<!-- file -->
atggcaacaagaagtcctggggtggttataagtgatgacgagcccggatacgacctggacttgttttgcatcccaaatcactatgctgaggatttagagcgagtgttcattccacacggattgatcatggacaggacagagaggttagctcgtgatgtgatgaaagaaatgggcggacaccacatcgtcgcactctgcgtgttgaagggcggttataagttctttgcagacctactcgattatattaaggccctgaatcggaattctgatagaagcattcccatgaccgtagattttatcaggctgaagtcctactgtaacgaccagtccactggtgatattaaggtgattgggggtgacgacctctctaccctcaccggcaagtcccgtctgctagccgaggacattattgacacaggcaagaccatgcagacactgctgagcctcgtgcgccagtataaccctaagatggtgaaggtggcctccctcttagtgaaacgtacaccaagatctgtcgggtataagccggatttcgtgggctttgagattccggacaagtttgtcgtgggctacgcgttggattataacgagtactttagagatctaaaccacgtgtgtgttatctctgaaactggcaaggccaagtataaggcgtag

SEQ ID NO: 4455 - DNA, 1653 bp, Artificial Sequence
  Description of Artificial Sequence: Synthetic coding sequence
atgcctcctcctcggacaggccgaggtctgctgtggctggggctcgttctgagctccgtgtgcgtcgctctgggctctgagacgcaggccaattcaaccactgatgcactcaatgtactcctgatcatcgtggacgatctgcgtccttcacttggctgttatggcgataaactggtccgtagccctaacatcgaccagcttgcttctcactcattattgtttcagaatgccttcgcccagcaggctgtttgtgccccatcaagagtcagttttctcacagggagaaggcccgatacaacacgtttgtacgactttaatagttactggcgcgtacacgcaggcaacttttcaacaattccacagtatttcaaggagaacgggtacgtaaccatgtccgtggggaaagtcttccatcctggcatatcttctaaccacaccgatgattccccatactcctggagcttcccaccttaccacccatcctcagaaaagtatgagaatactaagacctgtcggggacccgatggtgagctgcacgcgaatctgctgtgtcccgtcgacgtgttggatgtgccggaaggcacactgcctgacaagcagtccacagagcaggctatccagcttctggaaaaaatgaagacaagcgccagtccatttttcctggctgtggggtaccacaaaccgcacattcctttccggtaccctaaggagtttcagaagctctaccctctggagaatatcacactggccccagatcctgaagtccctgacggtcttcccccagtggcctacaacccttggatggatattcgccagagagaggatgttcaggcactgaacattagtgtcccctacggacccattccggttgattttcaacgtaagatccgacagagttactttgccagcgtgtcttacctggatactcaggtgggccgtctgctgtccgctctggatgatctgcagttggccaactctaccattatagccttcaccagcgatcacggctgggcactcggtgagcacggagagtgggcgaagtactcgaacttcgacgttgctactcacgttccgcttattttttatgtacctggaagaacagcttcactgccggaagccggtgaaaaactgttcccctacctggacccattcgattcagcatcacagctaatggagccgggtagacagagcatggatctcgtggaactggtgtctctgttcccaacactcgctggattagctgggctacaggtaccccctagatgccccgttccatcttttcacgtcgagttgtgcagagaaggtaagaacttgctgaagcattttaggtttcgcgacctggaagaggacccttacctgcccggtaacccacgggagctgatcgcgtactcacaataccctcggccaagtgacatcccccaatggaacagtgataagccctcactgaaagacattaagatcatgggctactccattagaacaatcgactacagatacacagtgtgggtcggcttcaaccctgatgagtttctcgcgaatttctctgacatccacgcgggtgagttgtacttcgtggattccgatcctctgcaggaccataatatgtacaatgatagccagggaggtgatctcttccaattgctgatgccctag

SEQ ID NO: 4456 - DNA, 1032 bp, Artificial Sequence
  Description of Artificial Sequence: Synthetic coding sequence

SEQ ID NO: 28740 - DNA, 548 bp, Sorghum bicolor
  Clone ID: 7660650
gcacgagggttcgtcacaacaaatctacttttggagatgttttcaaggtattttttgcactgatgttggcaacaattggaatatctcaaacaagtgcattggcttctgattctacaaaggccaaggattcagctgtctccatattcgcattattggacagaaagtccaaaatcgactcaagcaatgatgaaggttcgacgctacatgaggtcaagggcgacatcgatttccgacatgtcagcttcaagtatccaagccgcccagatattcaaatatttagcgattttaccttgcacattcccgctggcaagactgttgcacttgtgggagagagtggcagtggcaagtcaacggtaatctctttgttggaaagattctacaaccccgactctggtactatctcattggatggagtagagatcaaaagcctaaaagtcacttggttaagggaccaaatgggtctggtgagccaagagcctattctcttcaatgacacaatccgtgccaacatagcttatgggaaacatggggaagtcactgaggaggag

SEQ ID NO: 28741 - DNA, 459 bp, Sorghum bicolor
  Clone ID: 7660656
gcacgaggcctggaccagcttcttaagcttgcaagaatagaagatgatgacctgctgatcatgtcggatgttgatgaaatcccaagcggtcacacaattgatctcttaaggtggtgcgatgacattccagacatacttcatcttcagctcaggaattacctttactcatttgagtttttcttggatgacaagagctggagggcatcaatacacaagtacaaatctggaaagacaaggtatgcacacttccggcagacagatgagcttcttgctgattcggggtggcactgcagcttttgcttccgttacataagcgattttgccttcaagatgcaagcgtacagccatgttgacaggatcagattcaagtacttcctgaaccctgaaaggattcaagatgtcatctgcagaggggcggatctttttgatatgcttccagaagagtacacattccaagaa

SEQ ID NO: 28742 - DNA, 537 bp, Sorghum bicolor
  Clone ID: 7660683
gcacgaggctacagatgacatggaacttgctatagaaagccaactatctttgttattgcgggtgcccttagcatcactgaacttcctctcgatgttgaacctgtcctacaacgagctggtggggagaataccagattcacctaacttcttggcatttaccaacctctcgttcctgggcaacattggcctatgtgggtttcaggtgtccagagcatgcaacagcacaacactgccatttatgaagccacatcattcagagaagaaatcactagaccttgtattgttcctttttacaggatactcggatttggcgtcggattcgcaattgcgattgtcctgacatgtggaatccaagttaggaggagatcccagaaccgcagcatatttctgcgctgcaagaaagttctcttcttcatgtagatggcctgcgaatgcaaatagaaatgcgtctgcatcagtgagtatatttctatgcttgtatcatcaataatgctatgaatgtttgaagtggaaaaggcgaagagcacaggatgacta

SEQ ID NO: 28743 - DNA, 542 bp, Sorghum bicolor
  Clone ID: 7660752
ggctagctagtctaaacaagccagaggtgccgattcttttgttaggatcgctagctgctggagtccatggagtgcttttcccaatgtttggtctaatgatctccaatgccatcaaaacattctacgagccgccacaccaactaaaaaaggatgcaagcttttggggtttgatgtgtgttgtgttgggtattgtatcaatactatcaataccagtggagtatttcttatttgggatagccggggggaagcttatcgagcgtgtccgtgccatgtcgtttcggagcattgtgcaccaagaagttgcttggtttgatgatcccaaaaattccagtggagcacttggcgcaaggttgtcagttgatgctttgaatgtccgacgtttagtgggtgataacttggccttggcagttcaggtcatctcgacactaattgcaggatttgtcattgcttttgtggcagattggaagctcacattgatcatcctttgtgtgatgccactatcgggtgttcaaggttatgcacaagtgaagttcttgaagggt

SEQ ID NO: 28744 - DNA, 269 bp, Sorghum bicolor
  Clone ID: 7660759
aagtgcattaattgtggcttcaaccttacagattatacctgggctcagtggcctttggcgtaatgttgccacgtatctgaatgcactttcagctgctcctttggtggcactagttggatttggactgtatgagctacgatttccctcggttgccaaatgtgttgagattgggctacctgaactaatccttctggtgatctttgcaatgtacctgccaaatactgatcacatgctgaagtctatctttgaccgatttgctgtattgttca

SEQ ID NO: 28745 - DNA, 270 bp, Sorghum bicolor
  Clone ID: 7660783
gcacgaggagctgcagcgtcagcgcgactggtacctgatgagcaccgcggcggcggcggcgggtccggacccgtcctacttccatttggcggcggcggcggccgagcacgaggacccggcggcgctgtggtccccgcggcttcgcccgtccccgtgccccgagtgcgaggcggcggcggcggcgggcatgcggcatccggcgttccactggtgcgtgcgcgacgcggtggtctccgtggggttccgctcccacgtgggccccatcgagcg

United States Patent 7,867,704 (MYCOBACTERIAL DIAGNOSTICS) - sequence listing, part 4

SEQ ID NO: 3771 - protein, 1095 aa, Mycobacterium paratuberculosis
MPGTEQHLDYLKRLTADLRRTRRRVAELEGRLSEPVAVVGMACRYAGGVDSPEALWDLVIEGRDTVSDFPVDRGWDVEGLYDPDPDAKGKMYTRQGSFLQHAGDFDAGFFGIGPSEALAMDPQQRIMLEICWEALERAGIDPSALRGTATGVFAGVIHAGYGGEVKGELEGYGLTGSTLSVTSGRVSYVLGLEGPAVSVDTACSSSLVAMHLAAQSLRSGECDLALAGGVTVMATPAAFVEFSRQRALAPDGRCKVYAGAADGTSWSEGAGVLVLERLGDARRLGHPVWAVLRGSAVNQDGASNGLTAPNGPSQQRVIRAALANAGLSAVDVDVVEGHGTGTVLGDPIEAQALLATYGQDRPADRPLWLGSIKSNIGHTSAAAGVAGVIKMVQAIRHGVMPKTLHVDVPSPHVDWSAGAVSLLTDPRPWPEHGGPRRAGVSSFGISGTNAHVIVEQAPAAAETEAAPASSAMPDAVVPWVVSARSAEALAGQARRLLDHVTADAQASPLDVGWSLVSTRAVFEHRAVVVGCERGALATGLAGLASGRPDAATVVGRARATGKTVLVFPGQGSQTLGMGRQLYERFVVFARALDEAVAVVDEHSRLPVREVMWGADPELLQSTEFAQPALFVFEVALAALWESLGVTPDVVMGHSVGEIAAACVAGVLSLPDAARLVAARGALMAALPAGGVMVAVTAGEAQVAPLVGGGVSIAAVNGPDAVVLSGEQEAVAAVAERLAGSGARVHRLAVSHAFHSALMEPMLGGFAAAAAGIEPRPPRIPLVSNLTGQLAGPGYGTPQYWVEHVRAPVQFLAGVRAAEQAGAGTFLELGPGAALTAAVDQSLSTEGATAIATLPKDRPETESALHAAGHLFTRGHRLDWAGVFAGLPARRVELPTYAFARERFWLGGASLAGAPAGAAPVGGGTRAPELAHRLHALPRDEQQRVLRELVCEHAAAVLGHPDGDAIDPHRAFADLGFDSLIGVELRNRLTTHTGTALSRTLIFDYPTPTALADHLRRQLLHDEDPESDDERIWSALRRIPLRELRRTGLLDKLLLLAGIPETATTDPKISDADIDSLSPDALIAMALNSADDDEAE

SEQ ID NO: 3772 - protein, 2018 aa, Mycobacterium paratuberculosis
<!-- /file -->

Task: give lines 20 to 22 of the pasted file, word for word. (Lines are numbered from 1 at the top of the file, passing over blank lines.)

  Clone ID: 7660759
aagtgcattaattgtggcttcaaccttacagattatacctgggctcagtggcctttggcgtaatgttgccacgtatctgaatgcactttcagctgctcctttggtggcactagttggatttggactgtatgagctacgatttccctcggttgccaaatgtgttgagattgggctacctgaactaatccttctggtgatctttgcaatgtacctgccaaatactgatcacatgctgaagtctatctttgaccgatttgctgtattgttca

SEQ ID NO: 28745 - DNA, 270 bp, Sorghum bicolor